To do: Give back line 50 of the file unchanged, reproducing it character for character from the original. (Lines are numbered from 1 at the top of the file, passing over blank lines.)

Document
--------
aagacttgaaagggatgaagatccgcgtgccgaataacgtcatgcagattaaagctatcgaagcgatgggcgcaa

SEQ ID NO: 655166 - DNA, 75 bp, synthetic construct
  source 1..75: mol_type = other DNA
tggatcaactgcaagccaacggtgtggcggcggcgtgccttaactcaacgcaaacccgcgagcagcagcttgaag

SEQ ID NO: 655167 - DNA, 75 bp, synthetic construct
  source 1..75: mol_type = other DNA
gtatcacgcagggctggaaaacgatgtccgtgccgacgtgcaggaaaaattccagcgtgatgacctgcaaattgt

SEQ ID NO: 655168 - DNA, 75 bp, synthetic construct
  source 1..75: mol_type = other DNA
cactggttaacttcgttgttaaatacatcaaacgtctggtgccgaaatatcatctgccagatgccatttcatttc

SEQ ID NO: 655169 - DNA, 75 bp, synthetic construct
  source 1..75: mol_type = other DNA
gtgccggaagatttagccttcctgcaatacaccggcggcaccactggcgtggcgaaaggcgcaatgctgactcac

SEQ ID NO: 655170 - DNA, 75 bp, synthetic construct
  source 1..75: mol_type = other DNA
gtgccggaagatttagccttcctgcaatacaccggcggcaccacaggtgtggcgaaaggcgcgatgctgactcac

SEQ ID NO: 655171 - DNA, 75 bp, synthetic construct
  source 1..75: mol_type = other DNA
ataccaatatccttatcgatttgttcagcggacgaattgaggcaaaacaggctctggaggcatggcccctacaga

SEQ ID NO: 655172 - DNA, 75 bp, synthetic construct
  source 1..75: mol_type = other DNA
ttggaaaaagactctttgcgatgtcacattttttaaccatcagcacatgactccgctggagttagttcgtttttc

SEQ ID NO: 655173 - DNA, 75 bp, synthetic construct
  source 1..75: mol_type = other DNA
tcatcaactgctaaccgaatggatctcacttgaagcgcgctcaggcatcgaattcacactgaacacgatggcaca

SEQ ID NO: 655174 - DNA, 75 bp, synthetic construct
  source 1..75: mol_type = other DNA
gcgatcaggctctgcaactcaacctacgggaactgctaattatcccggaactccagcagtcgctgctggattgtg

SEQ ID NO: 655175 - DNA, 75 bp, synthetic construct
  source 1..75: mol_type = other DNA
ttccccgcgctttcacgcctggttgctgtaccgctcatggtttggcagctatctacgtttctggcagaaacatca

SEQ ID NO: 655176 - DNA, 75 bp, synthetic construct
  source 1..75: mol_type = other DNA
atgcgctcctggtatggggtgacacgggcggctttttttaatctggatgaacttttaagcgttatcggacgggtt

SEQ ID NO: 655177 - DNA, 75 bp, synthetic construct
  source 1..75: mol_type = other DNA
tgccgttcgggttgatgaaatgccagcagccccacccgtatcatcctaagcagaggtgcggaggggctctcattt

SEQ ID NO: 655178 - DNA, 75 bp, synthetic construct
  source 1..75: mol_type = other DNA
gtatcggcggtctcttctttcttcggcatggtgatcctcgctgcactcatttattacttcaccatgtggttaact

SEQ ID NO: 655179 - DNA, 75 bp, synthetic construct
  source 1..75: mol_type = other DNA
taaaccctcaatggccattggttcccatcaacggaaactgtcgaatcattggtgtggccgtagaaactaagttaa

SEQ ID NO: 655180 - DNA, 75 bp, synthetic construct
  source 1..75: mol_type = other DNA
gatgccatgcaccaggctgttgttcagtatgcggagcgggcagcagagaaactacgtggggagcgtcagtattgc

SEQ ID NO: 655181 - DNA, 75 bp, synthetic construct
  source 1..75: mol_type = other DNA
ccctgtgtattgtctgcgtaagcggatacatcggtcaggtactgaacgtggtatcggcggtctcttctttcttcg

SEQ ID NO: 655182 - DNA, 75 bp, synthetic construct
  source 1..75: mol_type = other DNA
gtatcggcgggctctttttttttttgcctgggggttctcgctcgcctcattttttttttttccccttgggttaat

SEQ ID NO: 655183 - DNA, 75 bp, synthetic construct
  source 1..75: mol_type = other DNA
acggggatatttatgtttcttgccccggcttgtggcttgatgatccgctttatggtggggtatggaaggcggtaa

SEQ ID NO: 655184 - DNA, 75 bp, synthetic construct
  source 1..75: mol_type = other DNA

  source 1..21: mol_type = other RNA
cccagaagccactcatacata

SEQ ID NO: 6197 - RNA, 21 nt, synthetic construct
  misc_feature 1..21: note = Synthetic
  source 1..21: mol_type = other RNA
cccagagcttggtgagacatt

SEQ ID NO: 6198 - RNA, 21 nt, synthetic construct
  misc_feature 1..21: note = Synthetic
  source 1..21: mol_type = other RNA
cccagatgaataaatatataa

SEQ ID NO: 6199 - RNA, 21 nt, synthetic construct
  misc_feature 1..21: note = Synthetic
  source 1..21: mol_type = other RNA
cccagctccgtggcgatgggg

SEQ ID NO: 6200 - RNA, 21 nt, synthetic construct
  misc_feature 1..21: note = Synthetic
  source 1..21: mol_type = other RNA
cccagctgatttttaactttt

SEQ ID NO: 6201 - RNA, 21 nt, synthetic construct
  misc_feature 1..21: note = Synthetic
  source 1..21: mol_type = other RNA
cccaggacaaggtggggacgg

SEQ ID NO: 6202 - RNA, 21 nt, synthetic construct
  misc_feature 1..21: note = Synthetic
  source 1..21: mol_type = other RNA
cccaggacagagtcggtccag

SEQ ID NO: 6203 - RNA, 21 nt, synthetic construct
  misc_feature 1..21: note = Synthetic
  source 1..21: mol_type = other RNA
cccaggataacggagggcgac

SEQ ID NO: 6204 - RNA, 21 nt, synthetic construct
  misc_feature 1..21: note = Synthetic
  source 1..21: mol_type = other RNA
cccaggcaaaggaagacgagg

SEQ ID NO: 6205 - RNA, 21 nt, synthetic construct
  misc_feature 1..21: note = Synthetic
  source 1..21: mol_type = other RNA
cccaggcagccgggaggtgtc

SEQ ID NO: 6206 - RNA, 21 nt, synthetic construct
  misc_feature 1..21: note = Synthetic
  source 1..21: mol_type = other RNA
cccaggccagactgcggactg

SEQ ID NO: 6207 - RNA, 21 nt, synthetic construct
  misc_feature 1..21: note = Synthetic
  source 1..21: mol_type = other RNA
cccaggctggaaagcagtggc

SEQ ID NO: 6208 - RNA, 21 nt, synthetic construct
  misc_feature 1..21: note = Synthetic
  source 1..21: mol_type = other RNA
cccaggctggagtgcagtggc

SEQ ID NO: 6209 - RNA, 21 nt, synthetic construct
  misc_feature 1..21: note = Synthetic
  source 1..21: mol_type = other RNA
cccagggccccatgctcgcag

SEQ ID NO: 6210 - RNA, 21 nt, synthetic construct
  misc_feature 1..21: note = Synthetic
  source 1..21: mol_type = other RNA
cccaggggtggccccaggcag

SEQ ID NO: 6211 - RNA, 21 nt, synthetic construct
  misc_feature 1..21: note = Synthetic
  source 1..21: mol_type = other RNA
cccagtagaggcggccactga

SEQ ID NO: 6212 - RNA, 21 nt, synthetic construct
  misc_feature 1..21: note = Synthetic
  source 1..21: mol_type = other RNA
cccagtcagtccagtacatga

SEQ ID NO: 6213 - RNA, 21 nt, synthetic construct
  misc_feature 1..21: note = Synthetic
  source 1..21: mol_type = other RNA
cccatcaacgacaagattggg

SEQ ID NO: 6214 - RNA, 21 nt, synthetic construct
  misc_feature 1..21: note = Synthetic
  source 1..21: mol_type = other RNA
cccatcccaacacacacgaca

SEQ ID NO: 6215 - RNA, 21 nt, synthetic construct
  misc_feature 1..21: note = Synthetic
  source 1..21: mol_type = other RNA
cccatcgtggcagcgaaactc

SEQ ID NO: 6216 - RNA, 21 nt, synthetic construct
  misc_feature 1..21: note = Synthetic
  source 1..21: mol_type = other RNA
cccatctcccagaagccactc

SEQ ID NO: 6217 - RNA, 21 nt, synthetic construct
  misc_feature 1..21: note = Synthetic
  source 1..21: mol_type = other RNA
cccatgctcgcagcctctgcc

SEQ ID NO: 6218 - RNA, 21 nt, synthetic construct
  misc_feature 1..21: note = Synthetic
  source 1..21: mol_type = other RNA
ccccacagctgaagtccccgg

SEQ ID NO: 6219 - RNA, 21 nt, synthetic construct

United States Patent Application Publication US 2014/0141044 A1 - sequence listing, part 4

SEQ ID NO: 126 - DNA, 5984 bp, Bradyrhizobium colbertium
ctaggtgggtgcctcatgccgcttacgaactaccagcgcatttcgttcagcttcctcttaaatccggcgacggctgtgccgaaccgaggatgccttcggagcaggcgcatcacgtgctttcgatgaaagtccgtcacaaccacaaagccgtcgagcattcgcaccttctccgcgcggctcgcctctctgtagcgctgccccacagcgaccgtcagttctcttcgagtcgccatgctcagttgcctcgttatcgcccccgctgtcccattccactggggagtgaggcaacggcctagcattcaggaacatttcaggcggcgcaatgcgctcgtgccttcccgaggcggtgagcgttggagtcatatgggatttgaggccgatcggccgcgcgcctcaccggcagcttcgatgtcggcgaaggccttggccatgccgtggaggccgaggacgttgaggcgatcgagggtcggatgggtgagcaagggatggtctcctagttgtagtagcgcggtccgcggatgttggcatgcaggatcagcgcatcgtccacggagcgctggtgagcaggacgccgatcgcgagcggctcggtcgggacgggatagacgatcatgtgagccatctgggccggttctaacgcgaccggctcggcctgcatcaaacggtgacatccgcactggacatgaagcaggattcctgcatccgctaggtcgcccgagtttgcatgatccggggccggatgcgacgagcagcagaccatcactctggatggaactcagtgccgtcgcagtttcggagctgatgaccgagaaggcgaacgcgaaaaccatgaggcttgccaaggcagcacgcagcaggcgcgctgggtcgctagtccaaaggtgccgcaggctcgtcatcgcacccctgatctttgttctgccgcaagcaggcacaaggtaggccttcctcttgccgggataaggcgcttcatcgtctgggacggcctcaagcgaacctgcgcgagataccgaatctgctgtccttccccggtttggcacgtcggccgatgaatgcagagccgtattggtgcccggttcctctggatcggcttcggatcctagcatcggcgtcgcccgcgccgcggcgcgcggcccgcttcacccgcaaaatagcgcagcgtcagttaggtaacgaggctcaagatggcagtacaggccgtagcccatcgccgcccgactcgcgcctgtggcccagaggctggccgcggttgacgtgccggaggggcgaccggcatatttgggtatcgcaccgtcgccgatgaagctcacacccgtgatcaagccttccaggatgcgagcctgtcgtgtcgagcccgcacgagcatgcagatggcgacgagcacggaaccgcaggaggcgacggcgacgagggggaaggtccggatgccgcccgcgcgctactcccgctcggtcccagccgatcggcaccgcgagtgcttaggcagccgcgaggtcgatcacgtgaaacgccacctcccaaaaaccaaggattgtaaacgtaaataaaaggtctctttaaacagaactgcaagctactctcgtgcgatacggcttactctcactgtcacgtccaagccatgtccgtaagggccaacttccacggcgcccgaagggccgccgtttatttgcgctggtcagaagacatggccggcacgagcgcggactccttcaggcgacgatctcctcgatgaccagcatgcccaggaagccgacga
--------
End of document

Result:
SEQ ID NO: 655182 - DNA, 75 bp, synthetic construct